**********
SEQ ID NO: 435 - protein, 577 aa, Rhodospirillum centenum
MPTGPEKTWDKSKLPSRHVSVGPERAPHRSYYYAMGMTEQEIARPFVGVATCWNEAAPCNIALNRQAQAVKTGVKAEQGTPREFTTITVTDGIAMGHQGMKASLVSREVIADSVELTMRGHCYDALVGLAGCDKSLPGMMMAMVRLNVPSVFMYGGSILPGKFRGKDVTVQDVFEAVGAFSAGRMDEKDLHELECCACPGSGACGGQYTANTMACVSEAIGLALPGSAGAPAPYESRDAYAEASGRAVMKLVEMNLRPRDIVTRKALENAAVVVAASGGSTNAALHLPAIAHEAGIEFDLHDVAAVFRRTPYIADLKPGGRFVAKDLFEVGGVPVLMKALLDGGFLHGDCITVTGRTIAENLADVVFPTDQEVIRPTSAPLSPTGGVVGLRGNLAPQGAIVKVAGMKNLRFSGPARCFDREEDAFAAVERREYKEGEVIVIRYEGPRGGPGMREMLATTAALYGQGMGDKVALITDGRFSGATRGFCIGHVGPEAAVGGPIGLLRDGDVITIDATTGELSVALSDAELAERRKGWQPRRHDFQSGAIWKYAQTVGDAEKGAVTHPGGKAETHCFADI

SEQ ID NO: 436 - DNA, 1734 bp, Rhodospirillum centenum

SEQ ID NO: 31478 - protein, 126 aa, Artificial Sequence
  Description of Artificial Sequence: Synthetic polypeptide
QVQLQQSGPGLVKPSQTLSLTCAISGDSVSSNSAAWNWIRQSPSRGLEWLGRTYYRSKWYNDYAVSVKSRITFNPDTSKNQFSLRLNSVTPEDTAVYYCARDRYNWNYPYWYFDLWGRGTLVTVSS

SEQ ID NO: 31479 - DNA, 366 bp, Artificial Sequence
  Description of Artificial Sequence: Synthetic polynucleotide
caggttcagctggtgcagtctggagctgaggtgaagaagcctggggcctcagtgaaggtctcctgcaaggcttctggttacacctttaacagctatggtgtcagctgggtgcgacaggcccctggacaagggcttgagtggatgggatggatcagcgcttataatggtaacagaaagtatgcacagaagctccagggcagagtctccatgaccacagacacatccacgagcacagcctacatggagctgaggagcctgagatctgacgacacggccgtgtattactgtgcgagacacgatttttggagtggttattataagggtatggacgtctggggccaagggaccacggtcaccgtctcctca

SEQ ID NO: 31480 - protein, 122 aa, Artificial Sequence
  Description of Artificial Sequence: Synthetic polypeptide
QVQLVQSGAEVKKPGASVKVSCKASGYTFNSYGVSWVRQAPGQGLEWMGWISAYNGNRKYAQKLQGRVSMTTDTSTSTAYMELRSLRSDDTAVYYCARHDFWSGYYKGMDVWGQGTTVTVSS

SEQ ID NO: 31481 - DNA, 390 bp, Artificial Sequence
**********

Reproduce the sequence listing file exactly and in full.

SEQ ID NO: 435 - protein, 577 aa, Rhodospirillum centenum
MPTGPEKTWDKSKLPSRHVSVGPERAPHRSYYYAMGMTEQEIARPFVGVATCWNEAAPCNIALNRQAQAVKTGVKAEQGTPREFTTITVTDGIAMGHQGMKASLVSREVIADSVELTMRGHCYDALVGLAGCDKSLPGMMMAMVRLNVPSVFMYGGSILPGKFRGKDVTVQDVFEAVGAFSAGRMDEKDLHELECCACPGSGACGGQYTANTMACVSEAIGLALPGSAGAPAPYESRDAYAEASGRAVMKLVEMNLRPRDIVTRKALENAAVVVAASGGSTNAALHLPAIAHEAGIEFDLHDVAAVFRRTPYIADLKPGGRFVAKDLFEVGGVPVLMKALLDGGFLHGDCITVTGRTIAENLADVVFPTDQEVIRPTSAPLSPTGGVVGLRGNLAPQGAIVKVAGMKNLRFSGPARCFDREEDAFAAVERREYKEGEVIVIRYEGPRGGPGMREMLATTAALYGQGMGDKVALITDGRFSGATRGFCIGHVGPEAAVGGPIGLLRDGDVITIDATTGELSVALSDAELAERRKGWQPRRHDFQSGAIWKYAQTVGDAEKGAVTHPGGKAETHCFADI

SEQ ID NO: 436 - DNA, 1734 bp, Rhodospirillum centenum

SEQ ID NO: 31478 - protein, 126 aa, Artificial Sequence
  Description of Artificial Sequence: Synthetic polypeptide
QVQLQQSGPGLVKPSQTLSLTCAISGDSVSSNSAAWNWIRQSPSRGLEWLGRTYYRSKWYNDYAVSVKSRITFNPDTSKNQFSLRLNSVTPEDTAVYYCARDRYNWNYPYWYFDLWGRGTLVTVSS

SEQ ID NO: 31479 - DNA, 366 bp, Artificial Sequence
  Description of Artificial Sequence: Synthetic polynucleotide
caggttcagctggtgcagtctggagctgaggtgaagaagcctggggcctcagtgaaggtctcctgcaaggcttctggttacacctttaacagctatggtgtcagctgggtgcgacaggcccctggacaagggcttgagtggatgggatggatcagcgcttataatggtaacagaaagtatgcacagaagctccagggcagagtctccatgaccacagacacatccacgagcacagcctacatggagctgaggagcctgagatctgacgacacggccgtgtattactgtgcgagacacgatttttggagtggttattataagggtatggacgtctggggccaagggaccacggtcaccgtctcctca

SEQ ID NO: 31480 - protein, 122 aa, Artificial Sequence
  Description of Artificial Sequence: Synthetic polypeptide
QVQLVQSGAEVKKPGASVKVSCKASGYTFNSYGVSWVRQAPGQGLEWMGWISAYNGNRKYAQKLQGRVSMTTDTSTSTAYMELRSLRSDDTAVYYCARHDFWSGYYKGMDVWGQGTTVTVSS

SEQ ID NO: 31481 - DNA, 390 bp, Artificial Sequence